Personification in Poetry

The impersonation of human characteristics attributed to inanimate objects is called personification. It has frequently been used in many kinds of literature, especially poetry. Here the readers will also find the use of personification in poetry.

Origin of Personification

The term originated in 1728.


The impersonation of human characteristics attributed to inanimate objects is called personification. It has frequently been used in many kinds of literature, especially poetry. It paved the way for the writers to personify world life by giving normal human behaviors and emotions to animals, inanimate objects, and abstract ideas. It provides the qualities of a person to an animal, an object, or an idea. It arises from a natural tendency in man to invest things and ideas with rates and passions like his own in moments of intense feeling.

Examples of Personification

  • The trees whispered their discontent.
  • The flowers begged for water.
  • I heard the streets speaking about you.
  • I love the sound of raindrops dancing on the roof.
  • The stars are smiling at me today.
  • I feel my computer hates me.
  • ‘Love’ is blind.
  • The popcorn leaped out of the bowl.
  • ‘Opportunity knocks at the door, but only once.
examples of personification

Personification in Poetry

“Mirror” (by Sylvia Plath)

“I am silver and exact. I have no preconceptions.
Whatever I see I swallow immediately”.

The personification of the mirror has been described in this poem. The ‘mirror’ has been telling the story. In other words, the writer tells us this object’s importance in people’s lives. In fact, ‘Plath shows her struggle to gain her identity in society, and she says it is necessary to look intelligent, young, and good-looking.

“Song of the rain” by (Khalil Jibran)

“I am dotted silver thread’s dropped from heaven’,
By the gods, Nautre then takes me, to adorn
Her fields and valleys.”

In the poem, rain has been personified. The writer has displayed the rain as life-living. It gives a source of pleasure to the flowers. ‘Rain’ provides satisfaction to the human and has been considered the messenger of mercy.

“I Wandered lonely as a Cloud” (by William Wordsworth)

“Besides the lake, beneath the trees,
Fluttering and dancing in the breeze

“William Wordsworth” these lines compares the dancing of daffodils with humans, and in this, he has personified the daffodils with humans as human dances, so the daffodils are dancing.

“Ten thousand saw I at the glance,
Tossing their heads in sprightly dance
The waves beside them danced; but they
Out-did the sparkling waves in glee”

Here in the above lines, again, “Wordsworth,” while giving non-living objects (daffodils) the quality of humans, compares the quality of their dancing. He reaches the heads of daffodils moving, and the waves near the daffodils are also dancing, which in other words, is the quality of humans.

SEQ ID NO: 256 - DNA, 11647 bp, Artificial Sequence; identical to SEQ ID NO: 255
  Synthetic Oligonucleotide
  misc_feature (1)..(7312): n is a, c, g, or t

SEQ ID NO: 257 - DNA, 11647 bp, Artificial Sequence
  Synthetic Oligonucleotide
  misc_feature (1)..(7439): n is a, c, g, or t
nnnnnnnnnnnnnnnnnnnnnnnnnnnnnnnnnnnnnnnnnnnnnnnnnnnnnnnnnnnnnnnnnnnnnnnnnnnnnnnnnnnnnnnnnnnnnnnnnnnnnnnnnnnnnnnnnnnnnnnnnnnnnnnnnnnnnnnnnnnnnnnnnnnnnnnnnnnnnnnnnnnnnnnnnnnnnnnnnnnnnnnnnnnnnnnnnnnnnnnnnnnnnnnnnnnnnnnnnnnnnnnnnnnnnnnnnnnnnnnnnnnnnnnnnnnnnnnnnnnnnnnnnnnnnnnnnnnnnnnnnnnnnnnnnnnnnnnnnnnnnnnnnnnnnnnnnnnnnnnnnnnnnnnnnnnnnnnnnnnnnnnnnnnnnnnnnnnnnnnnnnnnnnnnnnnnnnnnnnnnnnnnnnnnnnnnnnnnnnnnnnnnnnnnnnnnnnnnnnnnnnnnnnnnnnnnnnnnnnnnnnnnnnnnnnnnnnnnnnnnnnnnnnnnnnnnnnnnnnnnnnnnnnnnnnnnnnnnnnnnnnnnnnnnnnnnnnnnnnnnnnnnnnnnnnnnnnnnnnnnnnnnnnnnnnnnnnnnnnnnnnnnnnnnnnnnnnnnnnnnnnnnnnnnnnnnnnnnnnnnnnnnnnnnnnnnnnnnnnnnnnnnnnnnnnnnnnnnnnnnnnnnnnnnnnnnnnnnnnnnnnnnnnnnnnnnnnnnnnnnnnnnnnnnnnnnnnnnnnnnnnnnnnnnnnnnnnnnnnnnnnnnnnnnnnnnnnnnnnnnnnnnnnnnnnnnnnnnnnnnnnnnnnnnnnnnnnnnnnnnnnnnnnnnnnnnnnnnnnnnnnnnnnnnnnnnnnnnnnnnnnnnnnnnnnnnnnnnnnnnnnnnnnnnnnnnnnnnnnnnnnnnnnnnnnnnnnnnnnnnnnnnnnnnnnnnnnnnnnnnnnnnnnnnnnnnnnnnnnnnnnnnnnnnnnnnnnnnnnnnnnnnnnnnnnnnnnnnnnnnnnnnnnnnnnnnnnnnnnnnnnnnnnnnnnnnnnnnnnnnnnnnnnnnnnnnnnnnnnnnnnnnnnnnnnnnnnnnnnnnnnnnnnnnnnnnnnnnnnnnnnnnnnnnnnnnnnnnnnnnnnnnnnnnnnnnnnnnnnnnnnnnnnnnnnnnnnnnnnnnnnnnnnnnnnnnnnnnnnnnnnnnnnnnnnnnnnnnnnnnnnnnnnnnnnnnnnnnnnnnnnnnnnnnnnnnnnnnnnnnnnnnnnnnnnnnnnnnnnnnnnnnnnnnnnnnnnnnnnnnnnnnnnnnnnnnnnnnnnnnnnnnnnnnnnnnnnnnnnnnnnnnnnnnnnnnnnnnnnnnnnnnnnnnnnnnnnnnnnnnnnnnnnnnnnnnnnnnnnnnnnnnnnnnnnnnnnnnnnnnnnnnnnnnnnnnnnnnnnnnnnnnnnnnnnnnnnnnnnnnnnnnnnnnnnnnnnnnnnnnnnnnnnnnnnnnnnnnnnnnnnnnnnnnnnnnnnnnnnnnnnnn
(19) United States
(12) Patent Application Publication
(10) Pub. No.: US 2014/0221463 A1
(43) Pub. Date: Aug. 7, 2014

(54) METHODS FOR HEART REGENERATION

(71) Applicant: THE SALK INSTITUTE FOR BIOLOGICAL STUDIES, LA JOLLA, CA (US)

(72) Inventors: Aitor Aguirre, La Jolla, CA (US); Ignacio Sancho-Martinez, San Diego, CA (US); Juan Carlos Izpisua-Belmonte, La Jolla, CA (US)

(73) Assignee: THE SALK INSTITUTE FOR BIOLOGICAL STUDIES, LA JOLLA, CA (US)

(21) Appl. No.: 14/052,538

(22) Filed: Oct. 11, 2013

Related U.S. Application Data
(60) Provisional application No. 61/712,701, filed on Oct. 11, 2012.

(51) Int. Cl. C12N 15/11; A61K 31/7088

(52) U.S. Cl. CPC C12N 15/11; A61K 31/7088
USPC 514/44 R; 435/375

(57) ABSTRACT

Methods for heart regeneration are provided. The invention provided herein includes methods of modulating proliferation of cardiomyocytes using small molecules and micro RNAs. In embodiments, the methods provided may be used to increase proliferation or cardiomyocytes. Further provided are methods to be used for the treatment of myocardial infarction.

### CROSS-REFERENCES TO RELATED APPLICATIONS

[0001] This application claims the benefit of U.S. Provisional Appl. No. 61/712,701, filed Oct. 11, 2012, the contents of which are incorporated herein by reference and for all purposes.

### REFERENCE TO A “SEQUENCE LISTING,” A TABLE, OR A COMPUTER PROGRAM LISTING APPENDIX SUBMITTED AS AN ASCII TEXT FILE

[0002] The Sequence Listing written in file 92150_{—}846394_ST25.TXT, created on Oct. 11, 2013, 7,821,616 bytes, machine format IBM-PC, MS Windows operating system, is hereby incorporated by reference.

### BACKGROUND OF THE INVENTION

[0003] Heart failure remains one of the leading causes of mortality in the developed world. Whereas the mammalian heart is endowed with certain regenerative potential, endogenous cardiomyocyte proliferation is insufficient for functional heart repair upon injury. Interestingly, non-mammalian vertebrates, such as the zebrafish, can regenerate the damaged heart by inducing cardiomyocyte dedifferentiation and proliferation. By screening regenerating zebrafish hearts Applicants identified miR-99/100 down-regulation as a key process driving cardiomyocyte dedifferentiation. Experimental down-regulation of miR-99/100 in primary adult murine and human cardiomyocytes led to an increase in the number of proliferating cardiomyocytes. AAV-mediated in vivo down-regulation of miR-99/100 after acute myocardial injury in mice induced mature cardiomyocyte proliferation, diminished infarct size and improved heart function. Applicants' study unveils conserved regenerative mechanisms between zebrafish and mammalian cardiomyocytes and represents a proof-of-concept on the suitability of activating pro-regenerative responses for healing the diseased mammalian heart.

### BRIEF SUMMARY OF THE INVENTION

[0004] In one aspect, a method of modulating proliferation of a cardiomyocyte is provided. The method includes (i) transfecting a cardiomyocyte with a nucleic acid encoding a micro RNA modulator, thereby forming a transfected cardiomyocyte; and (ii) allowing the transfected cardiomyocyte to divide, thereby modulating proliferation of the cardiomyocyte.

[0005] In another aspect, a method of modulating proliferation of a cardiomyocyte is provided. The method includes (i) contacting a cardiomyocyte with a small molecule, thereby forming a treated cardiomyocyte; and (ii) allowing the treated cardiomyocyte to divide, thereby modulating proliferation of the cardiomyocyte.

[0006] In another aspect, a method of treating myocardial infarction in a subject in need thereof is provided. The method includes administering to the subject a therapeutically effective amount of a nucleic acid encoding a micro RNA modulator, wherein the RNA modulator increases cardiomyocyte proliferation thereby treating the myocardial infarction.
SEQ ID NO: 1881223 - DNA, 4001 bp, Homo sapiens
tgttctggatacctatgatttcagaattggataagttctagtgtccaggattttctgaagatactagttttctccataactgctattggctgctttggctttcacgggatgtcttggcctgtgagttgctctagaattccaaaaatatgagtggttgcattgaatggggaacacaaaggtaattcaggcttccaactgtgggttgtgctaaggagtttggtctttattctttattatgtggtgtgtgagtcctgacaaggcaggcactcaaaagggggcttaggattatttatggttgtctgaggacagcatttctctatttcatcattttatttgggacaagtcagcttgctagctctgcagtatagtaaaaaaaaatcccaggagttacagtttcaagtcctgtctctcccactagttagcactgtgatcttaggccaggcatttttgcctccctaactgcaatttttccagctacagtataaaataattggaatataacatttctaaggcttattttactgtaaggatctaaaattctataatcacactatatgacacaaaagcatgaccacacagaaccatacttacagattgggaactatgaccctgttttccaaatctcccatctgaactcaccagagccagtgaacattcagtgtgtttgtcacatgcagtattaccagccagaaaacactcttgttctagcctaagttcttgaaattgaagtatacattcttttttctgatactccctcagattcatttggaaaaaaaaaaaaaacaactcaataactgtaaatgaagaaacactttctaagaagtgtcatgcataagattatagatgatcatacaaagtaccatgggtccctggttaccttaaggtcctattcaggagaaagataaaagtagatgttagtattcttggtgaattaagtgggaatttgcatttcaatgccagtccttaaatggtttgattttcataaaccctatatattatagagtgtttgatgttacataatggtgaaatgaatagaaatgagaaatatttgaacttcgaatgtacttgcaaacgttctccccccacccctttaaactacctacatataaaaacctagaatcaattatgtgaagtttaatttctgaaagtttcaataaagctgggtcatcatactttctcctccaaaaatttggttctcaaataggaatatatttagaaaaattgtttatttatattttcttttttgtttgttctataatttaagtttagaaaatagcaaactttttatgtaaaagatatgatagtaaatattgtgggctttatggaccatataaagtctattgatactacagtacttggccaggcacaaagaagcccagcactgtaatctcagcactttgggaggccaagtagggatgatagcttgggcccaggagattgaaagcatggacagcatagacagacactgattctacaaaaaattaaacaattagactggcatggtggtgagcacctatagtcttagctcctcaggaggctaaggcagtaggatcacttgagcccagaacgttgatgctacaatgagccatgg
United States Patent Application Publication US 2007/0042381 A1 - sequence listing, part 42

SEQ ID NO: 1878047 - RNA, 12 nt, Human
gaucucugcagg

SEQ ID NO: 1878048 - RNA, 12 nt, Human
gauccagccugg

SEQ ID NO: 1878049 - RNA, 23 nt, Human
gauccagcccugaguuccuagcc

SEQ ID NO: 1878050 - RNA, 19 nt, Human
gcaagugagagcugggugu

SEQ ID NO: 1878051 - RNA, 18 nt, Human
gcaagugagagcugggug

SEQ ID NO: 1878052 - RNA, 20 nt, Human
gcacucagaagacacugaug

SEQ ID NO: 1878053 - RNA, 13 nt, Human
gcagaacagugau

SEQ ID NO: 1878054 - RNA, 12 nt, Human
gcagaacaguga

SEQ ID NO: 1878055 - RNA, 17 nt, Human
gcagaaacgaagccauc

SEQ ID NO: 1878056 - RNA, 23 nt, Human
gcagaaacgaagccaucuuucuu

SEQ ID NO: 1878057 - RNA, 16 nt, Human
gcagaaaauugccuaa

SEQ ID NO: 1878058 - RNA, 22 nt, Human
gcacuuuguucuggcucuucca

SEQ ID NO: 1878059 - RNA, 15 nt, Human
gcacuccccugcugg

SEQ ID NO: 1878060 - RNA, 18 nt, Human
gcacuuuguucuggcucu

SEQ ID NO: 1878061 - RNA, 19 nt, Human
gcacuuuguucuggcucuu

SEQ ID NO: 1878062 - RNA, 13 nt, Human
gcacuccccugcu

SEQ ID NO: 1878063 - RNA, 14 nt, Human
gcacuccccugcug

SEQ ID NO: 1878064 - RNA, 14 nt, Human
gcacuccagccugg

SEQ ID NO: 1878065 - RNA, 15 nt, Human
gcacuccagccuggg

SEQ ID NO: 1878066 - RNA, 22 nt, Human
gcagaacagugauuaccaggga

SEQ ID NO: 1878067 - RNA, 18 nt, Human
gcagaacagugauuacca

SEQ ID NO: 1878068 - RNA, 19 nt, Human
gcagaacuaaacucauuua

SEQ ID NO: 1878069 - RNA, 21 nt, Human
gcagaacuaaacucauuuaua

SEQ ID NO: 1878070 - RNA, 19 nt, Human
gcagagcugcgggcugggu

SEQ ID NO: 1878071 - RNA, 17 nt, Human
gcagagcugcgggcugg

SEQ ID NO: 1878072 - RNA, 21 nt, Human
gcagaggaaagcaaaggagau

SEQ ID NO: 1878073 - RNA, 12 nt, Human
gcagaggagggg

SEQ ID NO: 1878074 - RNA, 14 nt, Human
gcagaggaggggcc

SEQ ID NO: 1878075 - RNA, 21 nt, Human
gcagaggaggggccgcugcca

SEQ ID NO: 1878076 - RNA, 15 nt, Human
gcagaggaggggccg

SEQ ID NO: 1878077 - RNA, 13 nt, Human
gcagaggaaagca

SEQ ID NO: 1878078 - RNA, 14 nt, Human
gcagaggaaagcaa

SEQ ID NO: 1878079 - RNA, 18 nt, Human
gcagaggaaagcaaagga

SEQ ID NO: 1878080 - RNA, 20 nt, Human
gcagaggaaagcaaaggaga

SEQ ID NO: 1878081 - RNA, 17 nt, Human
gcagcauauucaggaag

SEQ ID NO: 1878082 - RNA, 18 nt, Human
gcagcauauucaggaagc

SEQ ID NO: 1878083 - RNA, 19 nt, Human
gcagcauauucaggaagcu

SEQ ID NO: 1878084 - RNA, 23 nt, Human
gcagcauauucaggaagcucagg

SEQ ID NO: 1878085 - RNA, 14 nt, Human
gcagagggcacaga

“Frankenstein” by Mary Shelley

“The moon gazed on my midnight
Labours, while, with unrelaxed and
Breathless eagerness, I pursued
Nature to her hiding-places”

In the poem, the moon and nature have been personified. Both present as they are behaving like humans.

“My Town” (by Sharon Hendricks)

“the leaves on the ground
Danced in the wind
The brook sang merrily as it
Went on its way”.

In the above stanza of the poem, the poet has personified the leaves and brook with the humans. Leaves have been displayed with the human quality of dancing as when the wind blows, the leaves dance. Similarly, singing is the quality of humans that the brook has personified.

“Ode on a Grecian Urn” (by Keat’s)

In “Ode on a Grecian Urn,” the speaker refers urn as an “unravished bride of quietness,” and is personified by the humans. However, the literal meaning of the “unravished bride of quietness” is the history of the world, which is an excellent source of pleasure for the people. He personified the colors of the urn and that each color has some event or story.

The Moon and the Yew Tree by “Sylvia Plath”

“The moon is no door. It’s a face in it’s own right’,
White as the knuckle and terribly upset.
It drags the sea after it like a dark crime, it is quiet
With the O gape of complete despair. I live here.
twice on Sunday’, the bell’s startle the sky,
eight great tongue’s affirming the resurrection.
At the end, they soberly bong out their name’s.

“Paradise Lost” (by Milton)

“So saying, her rash hand, in evil hour.
Forth reaching to the fruit, she pluck’d, she ate,
Earth felt the wound; and Nature, from her seat,
Sighing through all her works, gave signs of woe,
That all was lost”.

“Milton” personified the situation when ‘Eve’ took the forbidden fruit. Here the position of humans is exemplified by the plucking of fruit.

“Cloud” (by P.B. Shelley)

“I bring fresh shower’s for the thirsting flower’s,
From the seas and the streams”

In the above lines, the thirst for flowers has been personified by humans’ appetite. The writer uses the personification of thirsting flowers that he would bring water from the seas and streams as humans to quench their thirst and get water from the oceans.

“As You Like it” (by Shakespeare)

“The icy fang
And churlish chiding of the winter’s wind.”

“Milton’s letter to Cronwell”

“Peace hath her victories.
“No less renowned than war”

‘In the above lines, Milton gives the extreme wisdom that victory through peace does not carry any blood-shed, whereas war is the suffering of human beings and the loss of precious lives.

Further Reading

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